Ages: 5 - 10
Growing Bacteria Science Kit
By Steve Spangler Science®
- Includes easy-to-make nutrient agar
- Learn about germs and where they can be found!
- Our most popular kit for Science Fair projects
WHAT THEY LEARN
Science : Ignite Curiosity
The best way to learn science is through hands-on activity. More must-haves for young explorers.
|Ages:||5 - 10 Years|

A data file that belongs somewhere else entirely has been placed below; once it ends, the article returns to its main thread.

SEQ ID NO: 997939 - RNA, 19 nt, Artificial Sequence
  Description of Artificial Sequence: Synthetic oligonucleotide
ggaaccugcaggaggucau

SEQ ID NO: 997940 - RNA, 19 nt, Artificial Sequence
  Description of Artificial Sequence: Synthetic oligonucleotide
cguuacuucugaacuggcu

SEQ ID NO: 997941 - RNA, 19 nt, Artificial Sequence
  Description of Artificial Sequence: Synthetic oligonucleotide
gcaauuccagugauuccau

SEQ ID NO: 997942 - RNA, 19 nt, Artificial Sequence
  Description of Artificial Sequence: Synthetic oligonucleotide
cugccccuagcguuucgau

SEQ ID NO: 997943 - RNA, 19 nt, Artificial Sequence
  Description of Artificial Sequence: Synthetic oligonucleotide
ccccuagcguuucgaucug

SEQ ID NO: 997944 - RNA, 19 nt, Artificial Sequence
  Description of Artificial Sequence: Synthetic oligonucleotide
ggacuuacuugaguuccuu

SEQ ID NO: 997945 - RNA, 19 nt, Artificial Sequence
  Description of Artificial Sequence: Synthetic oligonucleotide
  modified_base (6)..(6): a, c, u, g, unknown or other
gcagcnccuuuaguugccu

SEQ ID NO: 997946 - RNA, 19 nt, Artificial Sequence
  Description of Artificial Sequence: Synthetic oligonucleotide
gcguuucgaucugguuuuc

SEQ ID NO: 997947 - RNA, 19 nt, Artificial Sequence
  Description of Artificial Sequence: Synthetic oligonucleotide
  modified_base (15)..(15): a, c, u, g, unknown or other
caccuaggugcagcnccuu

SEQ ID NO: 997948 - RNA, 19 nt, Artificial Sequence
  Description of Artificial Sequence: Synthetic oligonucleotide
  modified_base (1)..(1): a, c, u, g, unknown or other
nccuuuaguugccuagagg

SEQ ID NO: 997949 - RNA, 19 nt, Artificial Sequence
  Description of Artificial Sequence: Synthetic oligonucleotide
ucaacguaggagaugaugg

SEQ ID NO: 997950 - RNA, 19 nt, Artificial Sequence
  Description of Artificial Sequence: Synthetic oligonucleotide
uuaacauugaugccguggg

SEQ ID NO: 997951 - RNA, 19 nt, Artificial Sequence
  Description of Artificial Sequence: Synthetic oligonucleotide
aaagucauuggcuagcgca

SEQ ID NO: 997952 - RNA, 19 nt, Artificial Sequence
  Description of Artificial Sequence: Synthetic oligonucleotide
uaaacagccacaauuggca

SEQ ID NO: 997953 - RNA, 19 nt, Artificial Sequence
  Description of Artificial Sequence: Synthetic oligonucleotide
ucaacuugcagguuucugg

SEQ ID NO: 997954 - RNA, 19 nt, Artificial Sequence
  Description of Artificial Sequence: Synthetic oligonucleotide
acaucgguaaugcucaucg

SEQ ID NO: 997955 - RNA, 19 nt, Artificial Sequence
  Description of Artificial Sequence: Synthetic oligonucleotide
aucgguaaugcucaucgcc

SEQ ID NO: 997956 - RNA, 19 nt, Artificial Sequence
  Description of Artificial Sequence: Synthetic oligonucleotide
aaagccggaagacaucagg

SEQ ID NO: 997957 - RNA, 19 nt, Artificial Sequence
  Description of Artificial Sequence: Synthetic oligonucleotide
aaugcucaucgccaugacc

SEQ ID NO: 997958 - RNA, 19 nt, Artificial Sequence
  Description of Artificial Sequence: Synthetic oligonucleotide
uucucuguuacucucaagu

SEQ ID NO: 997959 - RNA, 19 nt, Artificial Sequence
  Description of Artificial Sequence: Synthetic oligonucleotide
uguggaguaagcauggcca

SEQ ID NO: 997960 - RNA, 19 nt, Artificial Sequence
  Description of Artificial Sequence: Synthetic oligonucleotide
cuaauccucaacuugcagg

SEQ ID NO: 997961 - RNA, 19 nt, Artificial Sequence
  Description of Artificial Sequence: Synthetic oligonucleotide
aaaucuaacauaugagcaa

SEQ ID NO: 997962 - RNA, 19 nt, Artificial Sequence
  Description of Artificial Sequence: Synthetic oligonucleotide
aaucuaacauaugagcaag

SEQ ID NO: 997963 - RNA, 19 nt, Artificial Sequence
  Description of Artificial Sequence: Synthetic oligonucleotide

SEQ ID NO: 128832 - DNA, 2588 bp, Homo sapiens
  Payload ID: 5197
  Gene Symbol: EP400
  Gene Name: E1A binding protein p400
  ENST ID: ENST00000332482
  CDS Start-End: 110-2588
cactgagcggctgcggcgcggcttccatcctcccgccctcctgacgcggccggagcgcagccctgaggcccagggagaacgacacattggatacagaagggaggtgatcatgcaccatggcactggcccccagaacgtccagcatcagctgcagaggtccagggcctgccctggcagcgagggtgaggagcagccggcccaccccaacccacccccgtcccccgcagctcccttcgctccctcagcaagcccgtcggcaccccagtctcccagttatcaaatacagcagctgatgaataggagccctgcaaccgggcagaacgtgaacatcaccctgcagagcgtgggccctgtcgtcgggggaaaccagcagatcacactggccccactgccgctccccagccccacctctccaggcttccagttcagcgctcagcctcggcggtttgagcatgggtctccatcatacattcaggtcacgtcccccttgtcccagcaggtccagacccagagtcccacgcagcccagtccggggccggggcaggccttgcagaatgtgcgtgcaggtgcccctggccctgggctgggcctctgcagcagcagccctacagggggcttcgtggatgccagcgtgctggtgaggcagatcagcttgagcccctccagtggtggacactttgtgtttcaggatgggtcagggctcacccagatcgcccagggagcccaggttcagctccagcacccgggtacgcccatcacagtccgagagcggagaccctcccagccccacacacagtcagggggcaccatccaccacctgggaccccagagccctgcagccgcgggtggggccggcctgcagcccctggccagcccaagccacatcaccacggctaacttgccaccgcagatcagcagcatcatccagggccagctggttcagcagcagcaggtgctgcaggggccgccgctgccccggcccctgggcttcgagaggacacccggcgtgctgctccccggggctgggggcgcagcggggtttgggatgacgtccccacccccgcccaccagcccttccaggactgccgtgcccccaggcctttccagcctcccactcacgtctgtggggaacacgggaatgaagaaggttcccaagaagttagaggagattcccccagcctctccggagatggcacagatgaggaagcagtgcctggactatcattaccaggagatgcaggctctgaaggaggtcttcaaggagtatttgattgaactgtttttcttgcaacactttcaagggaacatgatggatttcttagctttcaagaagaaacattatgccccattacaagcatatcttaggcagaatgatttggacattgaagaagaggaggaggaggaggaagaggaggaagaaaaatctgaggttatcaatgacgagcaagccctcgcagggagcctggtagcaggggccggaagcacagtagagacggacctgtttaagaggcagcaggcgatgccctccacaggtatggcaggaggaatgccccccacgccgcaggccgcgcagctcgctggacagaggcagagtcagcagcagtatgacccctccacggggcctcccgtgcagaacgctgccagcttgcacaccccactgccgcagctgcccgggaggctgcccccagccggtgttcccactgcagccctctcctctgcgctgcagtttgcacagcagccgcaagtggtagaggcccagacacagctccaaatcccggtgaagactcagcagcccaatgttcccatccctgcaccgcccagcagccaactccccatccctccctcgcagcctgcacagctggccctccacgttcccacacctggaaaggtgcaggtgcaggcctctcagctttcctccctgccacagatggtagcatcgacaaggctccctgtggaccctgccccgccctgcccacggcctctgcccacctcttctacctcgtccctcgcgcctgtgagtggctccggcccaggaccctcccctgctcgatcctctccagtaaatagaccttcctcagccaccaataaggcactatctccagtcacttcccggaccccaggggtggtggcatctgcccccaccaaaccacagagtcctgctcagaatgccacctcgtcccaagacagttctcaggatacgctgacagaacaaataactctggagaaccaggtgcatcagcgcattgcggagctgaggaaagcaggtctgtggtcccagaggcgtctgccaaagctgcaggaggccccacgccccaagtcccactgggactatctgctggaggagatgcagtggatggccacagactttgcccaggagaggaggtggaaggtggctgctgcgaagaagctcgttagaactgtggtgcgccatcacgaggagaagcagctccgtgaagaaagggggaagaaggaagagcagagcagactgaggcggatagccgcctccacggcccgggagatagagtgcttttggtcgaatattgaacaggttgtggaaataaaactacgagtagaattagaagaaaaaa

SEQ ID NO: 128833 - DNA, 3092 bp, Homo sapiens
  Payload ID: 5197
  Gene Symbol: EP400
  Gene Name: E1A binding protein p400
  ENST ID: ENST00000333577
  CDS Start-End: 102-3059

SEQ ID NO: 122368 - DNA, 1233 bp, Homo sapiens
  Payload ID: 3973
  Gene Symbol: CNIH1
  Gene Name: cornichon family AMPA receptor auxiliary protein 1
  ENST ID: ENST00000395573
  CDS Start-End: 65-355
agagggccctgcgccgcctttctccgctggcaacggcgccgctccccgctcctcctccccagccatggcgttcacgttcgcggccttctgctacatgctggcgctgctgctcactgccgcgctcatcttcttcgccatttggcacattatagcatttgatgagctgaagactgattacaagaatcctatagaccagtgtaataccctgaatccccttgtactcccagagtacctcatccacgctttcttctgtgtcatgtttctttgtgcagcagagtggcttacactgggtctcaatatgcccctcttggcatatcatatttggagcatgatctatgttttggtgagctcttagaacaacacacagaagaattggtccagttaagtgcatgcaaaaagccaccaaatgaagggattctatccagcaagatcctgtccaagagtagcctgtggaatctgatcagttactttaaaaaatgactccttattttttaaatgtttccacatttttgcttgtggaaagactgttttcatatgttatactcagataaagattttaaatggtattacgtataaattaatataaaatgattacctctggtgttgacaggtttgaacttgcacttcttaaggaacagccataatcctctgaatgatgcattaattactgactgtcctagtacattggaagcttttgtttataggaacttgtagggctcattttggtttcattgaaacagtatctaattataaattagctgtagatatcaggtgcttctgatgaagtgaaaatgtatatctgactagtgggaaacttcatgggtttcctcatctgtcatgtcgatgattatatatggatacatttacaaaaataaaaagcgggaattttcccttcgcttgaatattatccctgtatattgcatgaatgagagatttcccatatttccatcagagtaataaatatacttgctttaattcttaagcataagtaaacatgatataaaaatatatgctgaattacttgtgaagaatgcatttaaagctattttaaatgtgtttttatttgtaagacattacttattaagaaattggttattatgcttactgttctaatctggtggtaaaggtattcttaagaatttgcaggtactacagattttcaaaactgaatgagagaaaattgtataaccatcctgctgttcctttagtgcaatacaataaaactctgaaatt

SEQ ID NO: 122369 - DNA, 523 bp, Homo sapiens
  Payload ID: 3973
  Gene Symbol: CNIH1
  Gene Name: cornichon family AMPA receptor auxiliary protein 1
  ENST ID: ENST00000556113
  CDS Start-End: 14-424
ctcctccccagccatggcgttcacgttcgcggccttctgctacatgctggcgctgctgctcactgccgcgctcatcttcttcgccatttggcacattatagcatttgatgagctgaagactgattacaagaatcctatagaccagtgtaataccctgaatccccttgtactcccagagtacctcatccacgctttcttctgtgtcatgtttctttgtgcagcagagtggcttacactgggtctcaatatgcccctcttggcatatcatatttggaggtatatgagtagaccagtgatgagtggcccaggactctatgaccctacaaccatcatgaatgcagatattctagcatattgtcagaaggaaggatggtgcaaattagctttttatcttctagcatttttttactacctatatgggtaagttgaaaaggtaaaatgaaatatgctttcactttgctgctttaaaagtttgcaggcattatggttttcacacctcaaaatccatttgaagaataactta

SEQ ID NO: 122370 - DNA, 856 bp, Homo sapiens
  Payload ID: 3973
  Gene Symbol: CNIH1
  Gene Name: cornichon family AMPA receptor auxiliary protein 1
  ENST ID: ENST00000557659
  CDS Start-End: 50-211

Kids love gross science! Growing bacteria will satisfy their curious love of icky things while learning a lot about germs and where they can be found. This kit is great for Science Fair projects but is hugely fun for all young scientists.This is the same nutrient agar used by microbiologists to grow really funky stuff in the lab. Everything you need to prepare and store the bacteria is right in the kit: cotton swabs, petri dishes, and a microwave-safe plastic beaker. All that’s left to do is design your experiment. Don’t worry, we’ll help you out there, too.This kit allows kids to observe bacteria growing in a petri dish and offers ways to explore bacteria growth further. Kids will develop an understanding of the scientific method while learning some awesome (and disgusting) science. The hands-on method, activity guide, and some gross science are everything your kid needs to get a real kick out of science. Our little scientists were seeing results in about 24 hours with great growth after a week. Your results will be dependent on the environment.If kids want to do a science fair project about germs, this is their kit. Choose an independent variable, or the thing that will be manipulated or changed in the experiment. For example, adding hand sanitizer as the variable. Make one dish of germs (as the control), one dish of germs with a drop of hand sanitizer, and a third dish with another brand of hand sanitizer. See which hand sanitizer is more effective in the fight against germs. Make sure all three Petri dishes have germs collected from the same place at the same time. The dishes also need to be grown in the same warm, dark place for the same amount of time so that the conditions are standardized as much as possible.Some other examples of independent variables: (Choose only ONE independent variable to test)